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Normalizations and PCA

  • Avoid dense matrices whenever possible. Put normalizations that preserve sparsity (0 values stay 0) before normalizations that break sparsity (e.g. adding values to each row/column). A typical RNA-seq matrix has <5% non-zero entries, so your code will operate on 20x more entries with a dense matrix.

  • For most operations, we recommend using lazy evaluation to avoid creating intermediate matrices. The one common exception to this rule is when running PCA. Because PCA requires looping through the matrix several hundred times, it is often faster to write the matrix to disk once just before PCA rather than recalculating the entries on each PCA iteration.

    • For storage efficiency, keep any sparsity-breaking normalizations delayed, but store all the sparse normalizations in a temporary location with write_matrix_dir() then apply the sparsity-breaking normalizations
  • Adding values to the rows/columns of a matrix has very little overhead for PCA because it translates into a pre or post processing step before each mat-vec multiply iteration. As a sparsity-breaking operation, adding a vector to the matrix causes most other operations to become more expensive, however.

Storage order

  • Sparse matrices can be stored in a row-major or column-major orientation with BPCells. Along the indexed dimension (e.g. rows for row-major), BPCells can efficiently seek to a selected column without reading the whole matrix. This has performance implications for certain operations:
    • Marker features can only be computed on a matrix indexed by gene/feature.
    • Sparse matrix multiplication can only be performed between matrices with the same storage order
    • Sparse matrix multiplication performance can change dramatically depending on the storage order and relative matrix size/sparsity. For column-major matrices, the left matrix should be fast to load and contain few delayed operations, while the right matrix can be slow to load and contain many delayed operations. For row-major matrices the left/right preferences are reversed.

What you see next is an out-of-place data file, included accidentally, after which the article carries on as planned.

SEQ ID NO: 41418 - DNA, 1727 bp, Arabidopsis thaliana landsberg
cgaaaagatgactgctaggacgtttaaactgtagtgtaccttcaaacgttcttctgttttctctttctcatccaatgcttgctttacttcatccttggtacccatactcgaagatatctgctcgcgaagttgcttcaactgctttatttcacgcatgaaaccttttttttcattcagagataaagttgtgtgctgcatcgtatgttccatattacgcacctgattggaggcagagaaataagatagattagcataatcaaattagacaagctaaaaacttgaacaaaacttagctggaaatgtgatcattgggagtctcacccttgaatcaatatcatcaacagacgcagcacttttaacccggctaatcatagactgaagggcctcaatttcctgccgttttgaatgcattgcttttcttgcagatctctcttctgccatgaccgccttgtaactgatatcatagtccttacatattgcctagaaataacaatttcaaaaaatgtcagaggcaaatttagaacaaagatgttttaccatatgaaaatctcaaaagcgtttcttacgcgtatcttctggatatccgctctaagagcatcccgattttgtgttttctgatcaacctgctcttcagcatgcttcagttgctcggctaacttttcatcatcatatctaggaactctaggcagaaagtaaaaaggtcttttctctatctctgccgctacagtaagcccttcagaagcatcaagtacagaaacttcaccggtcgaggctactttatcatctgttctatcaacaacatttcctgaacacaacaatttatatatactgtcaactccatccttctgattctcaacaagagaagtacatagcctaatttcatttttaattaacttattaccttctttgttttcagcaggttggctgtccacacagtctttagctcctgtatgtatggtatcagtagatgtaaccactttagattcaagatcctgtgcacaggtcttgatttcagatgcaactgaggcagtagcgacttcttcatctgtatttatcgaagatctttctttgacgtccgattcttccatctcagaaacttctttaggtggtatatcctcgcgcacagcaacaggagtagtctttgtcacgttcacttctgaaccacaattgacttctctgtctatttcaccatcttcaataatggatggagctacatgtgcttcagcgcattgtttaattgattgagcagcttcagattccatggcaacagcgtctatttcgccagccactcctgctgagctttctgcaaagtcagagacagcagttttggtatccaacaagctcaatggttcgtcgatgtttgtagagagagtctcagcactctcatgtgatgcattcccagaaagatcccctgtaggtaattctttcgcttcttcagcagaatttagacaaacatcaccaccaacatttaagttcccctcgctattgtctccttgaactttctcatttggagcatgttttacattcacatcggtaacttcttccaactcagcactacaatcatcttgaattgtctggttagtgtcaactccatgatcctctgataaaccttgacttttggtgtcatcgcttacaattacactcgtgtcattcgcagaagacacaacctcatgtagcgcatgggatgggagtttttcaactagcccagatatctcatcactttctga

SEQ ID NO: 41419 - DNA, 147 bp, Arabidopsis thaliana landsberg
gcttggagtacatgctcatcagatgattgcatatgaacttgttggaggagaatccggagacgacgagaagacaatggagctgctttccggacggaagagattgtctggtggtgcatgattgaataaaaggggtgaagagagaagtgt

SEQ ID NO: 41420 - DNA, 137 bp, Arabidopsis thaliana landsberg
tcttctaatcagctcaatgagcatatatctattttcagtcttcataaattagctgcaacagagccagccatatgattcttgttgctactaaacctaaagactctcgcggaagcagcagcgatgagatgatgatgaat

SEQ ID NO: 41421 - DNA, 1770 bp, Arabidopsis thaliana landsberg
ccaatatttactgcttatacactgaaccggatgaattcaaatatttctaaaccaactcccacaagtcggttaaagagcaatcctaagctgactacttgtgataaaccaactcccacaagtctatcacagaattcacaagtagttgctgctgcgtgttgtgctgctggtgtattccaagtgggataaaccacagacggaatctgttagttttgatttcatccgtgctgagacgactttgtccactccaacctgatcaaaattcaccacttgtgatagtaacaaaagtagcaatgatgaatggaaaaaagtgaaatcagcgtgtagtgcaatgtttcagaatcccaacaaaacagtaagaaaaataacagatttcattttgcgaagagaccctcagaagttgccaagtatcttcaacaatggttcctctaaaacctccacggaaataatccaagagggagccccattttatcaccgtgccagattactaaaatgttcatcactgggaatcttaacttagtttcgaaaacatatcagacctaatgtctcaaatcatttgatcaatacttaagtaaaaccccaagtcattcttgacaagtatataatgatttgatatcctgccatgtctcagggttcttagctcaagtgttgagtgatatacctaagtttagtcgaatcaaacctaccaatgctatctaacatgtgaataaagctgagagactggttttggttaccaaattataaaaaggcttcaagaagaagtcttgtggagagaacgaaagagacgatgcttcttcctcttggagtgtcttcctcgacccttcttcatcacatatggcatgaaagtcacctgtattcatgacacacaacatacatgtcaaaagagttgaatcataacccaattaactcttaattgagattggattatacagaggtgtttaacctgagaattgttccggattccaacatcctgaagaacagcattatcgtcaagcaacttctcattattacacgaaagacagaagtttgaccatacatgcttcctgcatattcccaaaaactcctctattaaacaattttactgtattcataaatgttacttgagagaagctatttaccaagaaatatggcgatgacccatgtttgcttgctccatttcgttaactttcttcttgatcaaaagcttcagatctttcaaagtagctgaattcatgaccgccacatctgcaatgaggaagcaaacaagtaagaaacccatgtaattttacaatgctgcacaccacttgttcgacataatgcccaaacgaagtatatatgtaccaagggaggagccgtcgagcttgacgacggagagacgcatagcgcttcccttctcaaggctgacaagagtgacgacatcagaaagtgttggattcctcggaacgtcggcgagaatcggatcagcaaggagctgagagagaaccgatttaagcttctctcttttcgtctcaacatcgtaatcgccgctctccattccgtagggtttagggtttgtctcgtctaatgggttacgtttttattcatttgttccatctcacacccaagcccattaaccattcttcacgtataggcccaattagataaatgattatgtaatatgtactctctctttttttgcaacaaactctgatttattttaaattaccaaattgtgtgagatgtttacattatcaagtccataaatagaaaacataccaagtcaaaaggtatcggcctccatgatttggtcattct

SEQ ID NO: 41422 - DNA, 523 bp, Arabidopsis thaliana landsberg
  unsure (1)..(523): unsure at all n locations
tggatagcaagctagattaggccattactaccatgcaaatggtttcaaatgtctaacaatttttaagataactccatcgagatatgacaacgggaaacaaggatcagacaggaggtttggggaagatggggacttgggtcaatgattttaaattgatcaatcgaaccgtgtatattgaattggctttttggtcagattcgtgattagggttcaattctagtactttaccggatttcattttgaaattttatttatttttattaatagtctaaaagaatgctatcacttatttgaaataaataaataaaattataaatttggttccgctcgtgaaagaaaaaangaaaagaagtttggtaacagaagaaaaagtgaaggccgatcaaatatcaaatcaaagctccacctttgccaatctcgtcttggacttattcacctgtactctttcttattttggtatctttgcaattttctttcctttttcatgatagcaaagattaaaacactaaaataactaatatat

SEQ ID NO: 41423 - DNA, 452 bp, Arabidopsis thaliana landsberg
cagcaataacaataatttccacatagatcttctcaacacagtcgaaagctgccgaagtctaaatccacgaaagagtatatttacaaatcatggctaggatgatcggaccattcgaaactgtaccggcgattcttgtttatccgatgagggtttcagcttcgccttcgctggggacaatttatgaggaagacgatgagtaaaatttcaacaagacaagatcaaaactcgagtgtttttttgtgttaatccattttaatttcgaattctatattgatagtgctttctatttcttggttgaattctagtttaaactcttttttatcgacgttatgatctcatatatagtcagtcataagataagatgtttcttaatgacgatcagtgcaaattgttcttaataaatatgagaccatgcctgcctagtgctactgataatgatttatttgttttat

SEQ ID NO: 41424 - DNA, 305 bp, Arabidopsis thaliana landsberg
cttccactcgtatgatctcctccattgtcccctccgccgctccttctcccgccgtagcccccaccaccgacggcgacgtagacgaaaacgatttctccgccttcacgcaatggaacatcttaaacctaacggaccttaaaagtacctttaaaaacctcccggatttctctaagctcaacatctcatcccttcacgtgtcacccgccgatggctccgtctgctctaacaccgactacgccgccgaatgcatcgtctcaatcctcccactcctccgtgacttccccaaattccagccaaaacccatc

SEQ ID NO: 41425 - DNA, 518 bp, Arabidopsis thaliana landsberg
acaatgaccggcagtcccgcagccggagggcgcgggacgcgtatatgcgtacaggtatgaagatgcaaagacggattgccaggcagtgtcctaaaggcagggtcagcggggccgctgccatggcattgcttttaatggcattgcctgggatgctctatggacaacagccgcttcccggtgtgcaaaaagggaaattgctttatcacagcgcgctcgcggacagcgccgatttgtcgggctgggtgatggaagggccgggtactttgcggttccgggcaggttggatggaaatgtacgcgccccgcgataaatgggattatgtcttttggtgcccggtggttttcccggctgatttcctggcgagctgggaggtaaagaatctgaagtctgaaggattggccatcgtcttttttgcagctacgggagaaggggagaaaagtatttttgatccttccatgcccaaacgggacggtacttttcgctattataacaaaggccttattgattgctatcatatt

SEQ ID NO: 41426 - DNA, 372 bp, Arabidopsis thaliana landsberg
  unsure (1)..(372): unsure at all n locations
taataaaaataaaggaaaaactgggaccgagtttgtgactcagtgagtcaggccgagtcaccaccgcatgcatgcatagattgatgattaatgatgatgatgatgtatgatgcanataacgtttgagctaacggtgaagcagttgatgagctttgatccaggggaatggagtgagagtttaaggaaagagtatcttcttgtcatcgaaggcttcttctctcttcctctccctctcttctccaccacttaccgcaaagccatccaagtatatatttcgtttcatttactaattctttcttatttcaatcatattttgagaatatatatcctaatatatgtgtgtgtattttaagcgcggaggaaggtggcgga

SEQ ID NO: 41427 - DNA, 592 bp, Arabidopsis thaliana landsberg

• You can check the storage order for a matrix by printing it out in the R terminal
  • When calling the t() function, BPCells just flips a boolean flag for whether the matrix is row-major or column-major. This does not affect the underlying storage order.
  • To adjust the underlying storage order, call transpose_storage_order(). This is a slower operation, that requires writing a new copy of the data to disk.

Other tips

  • Use a single call to matrix_stats() to calculate mean + variance in a single pass through the matrix when possible. See the function reference for details.
  • For ATAC-seq data, you can calculate variable features on the tile matrix without ever saving it to disk. This allows you to subset to variable tiles and create a peak matrix with just your variable tiles for some space savings.